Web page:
Boris Johnson admits 'painful' decision to pull out of Tour de France running


Boris Johnson: It Was My Call to Turn Down Tour De France

London mayor Boris Johnson said it was a "no brainer" to turn down the opportunity for London to host the start of the Tour de France in 2017.

The cycling enthusiast said it was "entirely my call" to pull out of the event, believing the £35 million cost could be better spent.

Transport for London (TfL) announced yesterday that it would not host the Tour de France Grand Depart because it did not represent value for money.

He said: "I had to take a very tough decision, obviously painful. In an ideal world, you know me, my policy is to have your cake and eat it.

"The difficulty was we had to make a choice. £35 million is an awful lot to spend on a one off event when you could put that money in to long term projects.

"What people really want is safer cycling lanes."

He added: "For me it was a no brainer."

He believes "most people" would accept the cost of the race was too much, but denied it marked the end of big sporting events in London.

Asked why London made the initial bid for the event only to later pull out, he said: "You've got to make some tough choices."

The capital was asked to host the start of the world's most prestigious cycling race 10 years on from its hugely successful staging of the tour and three years after hosting a stage finish of the 2014 edition which started in Leeds.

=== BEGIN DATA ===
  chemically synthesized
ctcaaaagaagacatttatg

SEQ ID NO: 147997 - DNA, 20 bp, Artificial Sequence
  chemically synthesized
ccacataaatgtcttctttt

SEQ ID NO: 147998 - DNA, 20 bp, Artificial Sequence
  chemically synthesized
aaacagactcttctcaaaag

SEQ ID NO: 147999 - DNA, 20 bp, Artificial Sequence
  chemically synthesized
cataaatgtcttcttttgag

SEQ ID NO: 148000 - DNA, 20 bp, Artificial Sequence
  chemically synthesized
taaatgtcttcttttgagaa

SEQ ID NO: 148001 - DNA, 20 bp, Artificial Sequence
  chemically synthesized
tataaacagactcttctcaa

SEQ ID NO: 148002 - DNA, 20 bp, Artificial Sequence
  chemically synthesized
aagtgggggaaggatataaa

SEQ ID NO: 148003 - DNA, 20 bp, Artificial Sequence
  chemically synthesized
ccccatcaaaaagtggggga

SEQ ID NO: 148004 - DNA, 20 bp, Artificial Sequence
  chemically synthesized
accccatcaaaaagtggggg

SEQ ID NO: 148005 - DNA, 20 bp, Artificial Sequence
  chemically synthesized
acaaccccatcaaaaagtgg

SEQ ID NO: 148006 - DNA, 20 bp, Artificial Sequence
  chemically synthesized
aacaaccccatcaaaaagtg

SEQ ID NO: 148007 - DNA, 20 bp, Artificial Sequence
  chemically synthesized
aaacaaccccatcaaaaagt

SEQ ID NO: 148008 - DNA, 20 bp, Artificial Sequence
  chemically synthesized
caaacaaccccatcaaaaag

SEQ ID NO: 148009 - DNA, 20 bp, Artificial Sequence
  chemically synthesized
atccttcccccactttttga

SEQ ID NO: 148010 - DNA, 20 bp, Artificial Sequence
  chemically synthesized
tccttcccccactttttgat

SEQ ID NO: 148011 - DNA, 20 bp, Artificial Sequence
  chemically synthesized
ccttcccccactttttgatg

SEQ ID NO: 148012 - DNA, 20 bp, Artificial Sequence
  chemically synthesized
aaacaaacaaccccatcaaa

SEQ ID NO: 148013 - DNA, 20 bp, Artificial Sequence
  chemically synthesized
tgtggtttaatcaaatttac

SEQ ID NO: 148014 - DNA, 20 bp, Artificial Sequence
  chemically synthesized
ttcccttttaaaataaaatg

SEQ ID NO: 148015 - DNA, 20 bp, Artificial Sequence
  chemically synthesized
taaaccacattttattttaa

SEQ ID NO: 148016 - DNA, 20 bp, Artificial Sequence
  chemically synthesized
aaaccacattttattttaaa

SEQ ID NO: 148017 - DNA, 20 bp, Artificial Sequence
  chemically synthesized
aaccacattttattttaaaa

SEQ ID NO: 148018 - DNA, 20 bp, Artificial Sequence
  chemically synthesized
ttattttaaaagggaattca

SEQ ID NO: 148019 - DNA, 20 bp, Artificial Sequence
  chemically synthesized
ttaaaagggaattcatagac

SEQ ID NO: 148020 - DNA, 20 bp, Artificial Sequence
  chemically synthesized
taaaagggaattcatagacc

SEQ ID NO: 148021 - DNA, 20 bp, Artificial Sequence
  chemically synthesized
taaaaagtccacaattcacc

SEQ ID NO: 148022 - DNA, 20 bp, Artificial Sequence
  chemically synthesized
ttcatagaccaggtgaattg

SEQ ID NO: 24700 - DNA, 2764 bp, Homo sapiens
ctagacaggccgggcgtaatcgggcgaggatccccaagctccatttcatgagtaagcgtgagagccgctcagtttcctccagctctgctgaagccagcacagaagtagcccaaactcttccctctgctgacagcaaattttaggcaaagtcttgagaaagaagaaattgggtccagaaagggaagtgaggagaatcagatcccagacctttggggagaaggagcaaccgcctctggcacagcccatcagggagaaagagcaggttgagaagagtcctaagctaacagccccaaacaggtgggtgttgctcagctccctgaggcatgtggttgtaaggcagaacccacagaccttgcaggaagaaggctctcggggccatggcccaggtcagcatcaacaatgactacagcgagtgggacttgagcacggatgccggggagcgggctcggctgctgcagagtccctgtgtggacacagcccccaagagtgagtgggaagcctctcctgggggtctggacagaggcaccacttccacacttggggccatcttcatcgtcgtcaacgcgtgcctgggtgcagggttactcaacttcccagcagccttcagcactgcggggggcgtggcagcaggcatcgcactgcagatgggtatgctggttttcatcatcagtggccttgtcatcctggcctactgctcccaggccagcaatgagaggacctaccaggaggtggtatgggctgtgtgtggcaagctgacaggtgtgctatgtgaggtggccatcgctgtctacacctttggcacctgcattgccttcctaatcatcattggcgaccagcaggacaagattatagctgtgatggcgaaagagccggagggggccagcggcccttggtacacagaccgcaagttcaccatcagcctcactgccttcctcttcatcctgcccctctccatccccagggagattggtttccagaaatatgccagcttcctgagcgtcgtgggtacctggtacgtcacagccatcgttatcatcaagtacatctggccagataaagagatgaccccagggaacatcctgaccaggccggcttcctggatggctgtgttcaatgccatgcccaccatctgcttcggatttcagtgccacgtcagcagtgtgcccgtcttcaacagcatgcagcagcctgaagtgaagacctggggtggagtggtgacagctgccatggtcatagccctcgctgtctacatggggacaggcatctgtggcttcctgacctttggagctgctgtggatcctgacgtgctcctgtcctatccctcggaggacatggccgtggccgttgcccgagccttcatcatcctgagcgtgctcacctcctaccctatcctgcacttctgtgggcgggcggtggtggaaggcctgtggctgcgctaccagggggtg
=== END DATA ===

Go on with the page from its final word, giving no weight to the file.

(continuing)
Tour organisers Amaury Sports Organisation and bidding regions or cities engage in a courtship and Transport for London spurning advances could impact on when the race will next take place in the UK.

Scottish authorities are still in discussions, although logistics make such a bid challenging, while Manchester is understood to no longer be in the running.

There is no doubt ASO wishes to exploit Britain's affinity for cycling, but it is also keen to take advantage of the sport's rejuvenation in Germany.

The man who brought the Tour to Yorkshire would welcome a return, but accepts it is more realistic later in the decade.

Sir Gary Verity, chief executive of Welcome to Yorkshire, said: "The Tour de France, in its 112-year history, has never gone back to anywhere as quickly as that."

Despite admitting that the not-for-profit organisation suffered a loss on its investment in the race, he said Yorkshire as a whole had benefited.

He said: "From our point of view, it was tremendous value for money last year. The return on investment was either between five or six times, which is a pretty good return on investment I think in anybody's books and the long-term legacy benefits for us of hosting the Tour de France are still being seen."

Announcing the decision to decline hosting duties in 2017, Leon Daniels, managing director of surface transport at TfL, yesterday said the return of the Tour was always "subject to funding".